That statement will depend upon the beholder, but in my not-so-humble opinion it is acurate. I’m actually not proud of that because it was so easy to execute on first glance, but was it really? Also I live up to my earlier work, which this is not, but then again, it is. If I sound confused, I’m sorry. What I really am, is amazed. Amazed that I saw this, at that the right moment, and executed it properly, perhaps even perfectly.

This image is complex, lots of things are happening and the light is just right. The composition evolved into the perfection it is. The subjects, 3 sailors along a fence and a buff guy with no shirt emerging from a field.

I love it because it’s homo hot, yea, I went there and said that. At the core of my work I want to challenge viewers and take them to dark places inside themselves and let them shine light inside themselves. For the past several years my work has been very academic, but with this image, I feel I have reached back to my roots and mission. To be clear, I don’t want my work to make you feel uncomfortable, I want it to turn you on and question what makes you uncomfortable because you got turned on.

I also love it because I have learned so much. Pierre et Gilles are terrific influences on me, albeit in color photography. Those two bring homo eroticism to the forefront, but other influences are present too. The work of my friend and mentor, the late Len Spier. Len’s work is super spontaneous, black and white, and instantly classic. Mel DiGiacomo distills lessons about being ready, searching with your eyes to find quirk in everyday life. Both of them are black and white shooters, I have sworn off color for over two years now (I only miss it occasionally).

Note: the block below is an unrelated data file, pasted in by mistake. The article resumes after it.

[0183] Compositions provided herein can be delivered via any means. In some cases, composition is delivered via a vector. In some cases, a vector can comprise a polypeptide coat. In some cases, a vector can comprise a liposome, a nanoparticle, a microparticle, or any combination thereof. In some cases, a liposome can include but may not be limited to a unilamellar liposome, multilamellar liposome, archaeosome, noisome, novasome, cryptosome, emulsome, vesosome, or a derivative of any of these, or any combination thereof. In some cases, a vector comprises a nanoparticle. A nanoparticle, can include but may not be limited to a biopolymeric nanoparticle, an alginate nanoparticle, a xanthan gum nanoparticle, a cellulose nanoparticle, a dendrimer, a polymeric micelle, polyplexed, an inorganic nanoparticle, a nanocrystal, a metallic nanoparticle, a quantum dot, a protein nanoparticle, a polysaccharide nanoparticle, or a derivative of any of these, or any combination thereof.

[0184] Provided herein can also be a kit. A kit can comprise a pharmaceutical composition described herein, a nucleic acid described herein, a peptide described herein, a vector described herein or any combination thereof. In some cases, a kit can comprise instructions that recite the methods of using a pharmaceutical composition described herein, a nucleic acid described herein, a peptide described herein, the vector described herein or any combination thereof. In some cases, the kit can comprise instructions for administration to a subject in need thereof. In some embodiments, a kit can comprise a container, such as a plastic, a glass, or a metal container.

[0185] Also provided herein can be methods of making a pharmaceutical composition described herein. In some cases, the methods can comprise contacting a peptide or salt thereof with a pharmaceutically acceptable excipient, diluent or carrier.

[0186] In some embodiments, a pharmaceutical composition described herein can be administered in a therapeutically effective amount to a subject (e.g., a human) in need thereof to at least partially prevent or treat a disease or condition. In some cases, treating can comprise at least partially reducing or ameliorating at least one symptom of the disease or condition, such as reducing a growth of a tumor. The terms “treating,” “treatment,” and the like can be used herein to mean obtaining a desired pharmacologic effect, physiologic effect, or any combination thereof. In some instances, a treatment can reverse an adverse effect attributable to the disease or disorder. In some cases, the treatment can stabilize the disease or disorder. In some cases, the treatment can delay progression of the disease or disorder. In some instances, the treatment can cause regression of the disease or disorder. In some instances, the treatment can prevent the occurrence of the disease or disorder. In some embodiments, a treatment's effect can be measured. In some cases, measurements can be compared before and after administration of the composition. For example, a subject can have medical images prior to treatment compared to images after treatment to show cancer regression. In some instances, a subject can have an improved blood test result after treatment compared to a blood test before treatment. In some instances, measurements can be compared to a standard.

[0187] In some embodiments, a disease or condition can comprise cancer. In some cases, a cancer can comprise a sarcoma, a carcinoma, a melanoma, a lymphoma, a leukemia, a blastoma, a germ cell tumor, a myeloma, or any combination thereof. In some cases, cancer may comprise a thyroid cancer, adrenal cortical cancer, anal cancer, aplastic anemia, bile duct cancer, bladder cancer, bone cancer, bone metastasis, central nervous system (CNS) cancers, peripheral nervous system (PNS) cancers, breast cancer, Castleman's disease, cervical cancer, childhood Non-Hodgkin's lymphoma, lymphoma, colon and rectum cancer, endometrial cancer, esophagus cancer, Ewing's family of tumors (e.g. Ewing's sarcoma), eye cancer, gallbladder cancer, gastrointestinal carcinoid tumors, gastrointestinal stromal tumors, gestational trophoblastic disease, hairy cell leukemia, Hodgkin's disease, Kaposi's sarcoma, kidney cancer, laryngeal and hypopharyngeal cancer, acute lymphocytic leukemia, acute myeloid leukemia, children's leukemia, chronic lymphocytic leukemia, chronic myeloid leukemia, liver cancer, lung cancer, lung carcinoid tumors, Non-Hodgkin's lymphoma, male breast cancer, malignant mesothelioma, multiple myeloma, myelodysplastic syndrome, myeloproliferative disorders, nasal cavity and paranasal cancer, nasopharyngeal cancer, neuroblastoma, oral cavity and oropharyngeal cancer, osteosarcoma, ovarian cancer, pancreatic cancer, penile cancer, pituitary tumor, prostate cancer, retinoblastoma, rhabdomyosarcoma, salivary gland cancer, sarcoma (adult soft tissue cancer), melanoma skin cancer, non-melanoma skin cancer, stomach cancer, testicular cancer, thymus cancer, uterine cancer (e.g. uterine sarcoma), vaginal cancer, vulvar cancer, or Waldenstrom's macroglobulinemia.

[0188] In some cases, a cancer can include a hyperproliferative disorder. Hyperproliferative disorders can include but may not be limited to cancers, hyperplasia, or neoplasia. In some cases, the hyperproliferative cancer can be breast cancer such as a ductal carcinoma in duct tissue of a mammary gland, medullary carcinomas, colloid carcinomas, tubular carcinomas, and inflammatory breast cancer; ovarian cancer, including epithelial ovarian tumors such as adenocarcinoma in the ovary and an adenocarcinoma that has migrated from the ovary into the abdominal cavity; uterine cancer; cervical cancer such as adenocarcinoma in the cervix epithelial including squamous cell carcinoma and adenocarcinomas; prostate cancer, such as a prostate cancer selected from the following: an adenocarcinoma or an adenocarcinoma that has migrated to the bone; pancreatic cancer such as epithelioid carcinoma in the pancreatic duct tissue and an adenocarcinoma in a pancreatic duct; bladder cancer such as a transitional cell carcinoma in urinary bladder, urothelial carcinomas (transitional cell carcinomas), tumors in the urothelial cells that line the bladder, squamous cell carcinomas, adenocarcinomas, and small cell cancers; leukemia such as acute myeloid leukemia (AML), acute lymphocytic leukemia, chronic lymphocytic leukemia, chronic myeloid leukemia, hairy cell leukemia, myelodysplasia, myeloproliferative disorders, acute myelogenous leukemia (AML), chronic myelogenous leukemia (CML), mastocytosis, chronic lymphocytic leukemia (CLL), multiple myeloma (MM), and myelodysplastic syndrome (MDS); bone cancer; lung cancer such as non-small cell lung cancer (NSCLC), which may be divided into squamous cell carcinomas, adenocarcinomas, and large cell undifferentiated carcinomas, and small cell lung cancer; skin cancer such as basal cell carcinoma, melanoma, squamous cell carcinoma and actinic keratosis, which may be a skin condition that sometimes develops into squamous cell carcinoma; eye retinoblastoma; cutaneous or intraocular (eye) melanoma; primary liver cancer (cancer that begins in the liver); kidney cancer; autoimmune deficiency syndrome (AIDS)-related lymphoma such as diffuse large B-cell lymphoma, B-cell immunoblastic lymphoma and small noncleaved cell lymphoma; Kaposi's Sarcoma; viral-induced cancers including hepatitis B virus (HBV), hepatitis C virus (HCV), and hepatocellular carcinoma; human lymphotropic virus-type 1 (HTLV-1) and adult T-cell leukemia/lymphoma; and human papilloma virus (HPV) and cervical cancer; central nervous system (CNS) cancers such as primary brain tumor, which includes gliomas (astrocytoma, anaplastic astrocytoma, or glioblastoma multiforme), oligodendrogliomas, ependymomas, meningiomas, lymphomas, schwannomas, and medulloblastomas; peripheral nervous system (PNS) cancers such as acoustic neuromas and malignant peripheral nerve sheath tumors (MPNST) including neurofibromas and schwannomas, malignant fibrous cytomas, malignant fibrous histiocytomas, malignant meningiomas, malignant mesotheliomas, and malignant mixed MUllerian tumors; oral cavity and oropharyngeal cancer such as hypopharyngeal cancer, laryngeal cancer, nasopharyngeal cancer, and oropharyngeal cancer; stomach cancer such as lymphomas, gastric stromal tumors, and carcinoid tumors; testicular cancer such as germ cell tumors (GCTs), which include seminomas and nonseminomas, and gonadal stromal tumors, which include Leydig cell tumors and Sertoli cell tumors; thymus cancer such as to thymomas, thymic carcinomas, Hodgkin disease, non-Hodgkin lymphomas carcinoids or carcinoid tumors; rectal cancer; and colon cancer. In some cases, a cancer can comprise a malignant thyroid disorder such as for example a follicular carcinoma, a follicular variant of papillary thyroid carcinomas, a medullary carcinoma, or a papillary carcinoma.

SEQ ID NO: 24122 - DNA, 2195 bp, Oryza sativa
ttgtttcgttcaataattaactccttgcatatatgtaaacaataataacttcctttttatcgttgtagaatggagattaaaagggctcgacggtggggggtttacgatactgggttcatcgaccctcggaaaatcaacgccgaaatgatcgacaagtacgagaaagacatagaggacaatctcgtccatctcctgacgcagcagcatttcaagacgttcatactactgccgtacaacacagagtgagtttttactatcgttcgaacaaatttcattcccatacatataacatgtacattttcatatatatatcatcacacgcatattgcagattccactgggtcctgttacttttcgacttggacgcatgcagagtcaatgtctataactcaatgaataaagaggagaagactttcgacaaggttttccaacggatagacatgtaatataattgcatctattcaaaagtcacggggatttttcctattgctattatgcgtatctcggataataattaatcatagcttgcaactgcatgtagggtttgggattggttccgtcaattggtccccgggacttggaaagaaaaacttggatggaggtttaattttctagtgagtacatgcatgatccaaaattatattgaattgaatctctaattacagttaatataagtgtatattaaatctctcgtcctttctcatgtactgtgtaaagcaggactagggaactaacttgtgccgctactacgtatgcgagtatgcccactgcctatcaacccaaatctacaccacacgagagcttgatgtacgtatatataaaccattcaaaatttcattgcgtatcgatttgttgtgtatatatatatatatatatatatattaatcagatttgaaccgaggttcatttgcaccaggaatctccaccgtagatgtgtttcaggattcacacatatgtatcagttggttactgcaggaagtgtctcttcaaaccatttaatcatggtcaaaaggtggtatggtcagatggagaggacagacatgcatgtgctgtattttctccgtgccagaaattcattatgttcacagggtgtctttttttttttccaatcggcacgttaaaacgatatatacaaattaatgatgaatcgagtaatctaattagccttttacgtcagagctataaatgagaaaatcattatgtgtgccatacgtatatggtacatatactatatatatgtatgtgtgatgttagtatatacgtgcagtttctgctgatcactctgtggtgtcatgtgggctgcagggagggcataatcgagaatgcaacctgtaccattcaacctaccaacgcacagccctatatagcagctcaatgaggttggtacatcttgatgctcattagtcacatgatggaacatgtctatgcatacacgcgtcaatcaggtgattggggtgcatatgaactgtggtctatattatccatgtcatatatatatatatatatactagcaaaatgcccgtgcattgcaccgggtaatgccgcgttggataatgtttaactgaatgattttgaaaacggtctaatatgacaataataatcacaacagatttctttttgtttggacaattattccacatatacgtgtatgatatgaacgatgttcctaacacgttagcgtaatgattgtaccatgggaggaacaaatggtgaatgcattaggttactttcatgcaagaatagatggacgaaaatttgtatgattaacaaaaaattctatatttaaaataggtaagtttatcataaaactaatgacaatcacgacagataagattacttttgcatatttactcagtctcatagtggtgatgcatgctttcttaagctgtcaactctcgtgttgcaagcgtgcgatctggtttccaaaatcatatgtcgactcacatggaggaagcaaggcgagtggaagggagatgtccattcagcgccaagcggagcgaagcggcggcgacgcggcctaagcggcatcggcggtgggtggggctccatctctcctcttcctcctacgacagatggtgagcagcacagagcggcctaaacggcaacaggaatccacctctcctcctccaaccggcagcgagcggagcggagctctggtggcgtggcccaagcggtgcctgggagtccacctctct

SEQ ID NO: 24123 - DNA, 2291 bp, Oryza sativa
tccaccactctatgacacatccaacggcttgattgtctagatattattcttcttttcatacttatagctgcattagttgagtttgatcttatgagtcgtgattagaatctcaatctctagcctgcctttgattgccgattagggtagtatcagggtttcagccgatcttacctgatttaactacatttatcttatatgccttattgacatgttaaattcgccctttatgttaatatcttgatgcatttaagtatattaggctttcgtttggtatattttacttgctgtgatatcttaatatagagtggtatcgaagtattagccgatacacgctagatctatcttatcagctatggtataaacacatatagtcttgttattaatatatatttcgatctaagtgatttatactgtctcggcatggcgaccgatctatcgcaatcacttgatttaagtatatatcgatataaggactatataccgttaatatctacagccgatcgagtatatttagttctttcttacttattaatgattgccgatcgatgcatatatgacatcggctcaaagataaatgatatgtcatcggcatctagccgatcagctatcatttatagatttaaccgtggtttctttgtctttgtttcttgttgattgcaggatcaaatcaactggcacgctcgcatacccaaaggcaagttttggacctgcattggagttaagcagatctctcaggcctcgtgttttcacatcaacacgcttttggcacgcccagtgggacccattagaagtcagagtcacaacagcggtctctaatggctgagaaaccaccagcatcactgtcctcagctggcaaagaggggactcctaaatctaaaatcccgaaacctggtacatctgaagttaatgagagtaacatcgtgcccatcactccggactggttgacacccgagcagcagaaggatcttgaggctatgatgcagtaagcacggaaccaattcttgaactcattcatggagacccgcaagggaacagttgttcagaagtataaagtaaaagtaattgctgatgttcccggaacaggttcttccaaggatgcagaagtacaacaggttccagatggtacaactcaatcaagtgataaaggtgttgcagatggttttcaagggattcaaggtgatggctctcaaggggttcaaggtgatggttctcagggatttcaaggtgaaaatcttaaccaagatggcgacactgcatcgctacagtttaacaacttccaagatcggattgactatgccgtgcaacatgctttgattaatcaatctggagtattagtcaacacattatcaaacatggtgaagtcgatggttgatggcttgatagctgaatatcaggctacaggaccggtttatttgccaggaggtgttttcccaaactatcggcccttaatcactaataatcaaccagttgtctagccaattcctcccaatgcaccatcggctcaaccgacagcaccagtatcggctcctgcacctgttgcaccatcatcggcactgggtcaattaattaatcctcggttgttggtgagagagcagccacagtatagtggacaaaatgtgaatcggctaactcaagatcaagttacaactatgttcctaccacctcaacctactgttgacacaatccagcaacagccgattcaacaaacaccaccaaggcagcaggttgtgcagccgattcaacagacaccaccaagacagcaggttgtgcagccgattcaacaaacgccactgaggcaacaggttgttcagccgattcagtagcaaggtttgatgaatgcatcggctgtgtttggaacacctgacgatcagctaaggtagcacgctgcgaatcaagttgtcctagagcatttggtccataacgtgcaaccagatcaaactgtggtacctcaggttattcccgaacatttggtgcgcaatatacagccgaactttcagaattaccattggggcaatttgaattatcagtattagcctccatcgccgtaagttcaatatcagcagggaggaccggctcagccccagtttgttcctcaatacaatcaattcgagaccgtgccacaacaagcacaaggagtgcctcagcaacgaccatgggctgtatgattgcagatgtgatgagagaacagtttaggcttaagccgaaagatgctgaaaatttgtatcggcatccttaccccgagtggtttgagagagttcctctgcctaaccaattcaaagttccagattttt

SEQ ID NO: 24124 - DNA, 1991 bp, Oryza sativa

It would seem that every lesson I have learned is present in this image. I turned a corner in Central Park around 6 pm and found my decisive moment. Immediately moving into position and pulling out the only camera I had with me, my iPhone 6. I turned it on, and swiped left to bring up the camera mode. Meanwhile the Frisbee players in the field overshot and the disc landed right of the sailors. One bent down to pick it up. There were four, now there were three. The picture was happening really fast, the moment was almost lost. I leaned out with my right hand, and took two shots in a row. I didn’t have time to solve the change in composition the fourth sailor made by leaving the frame. I was afraid the entire dynamic of the scene would be lost. It wasn’t. My quick composition was enough. I captured it. But I thought it was lost, because I would have to crop the fourth. A day later, I reviewed it and started to notice while I lost the fourth sailor/subject, I gained the frisbee player. And he was hot and shirtless. A small post crop would remove the fourth and the frisbee would become a circular element that sailors and players alike seems to be looking at. The errant frisbee gave direction to the image. It would seem that afternoon in the park, the photo gods smiled upon me.

Photo nirvana occurred. You might agree or disagree with me. It doesn’t happen often. But when it does, it reminds me why I’m riding this horse called photography.

Sailors "Raw"

The unedited version from iPhone 6.

Here is the original image, and the snapseed processed version.

Sailors in central park

Edited in Snapseed.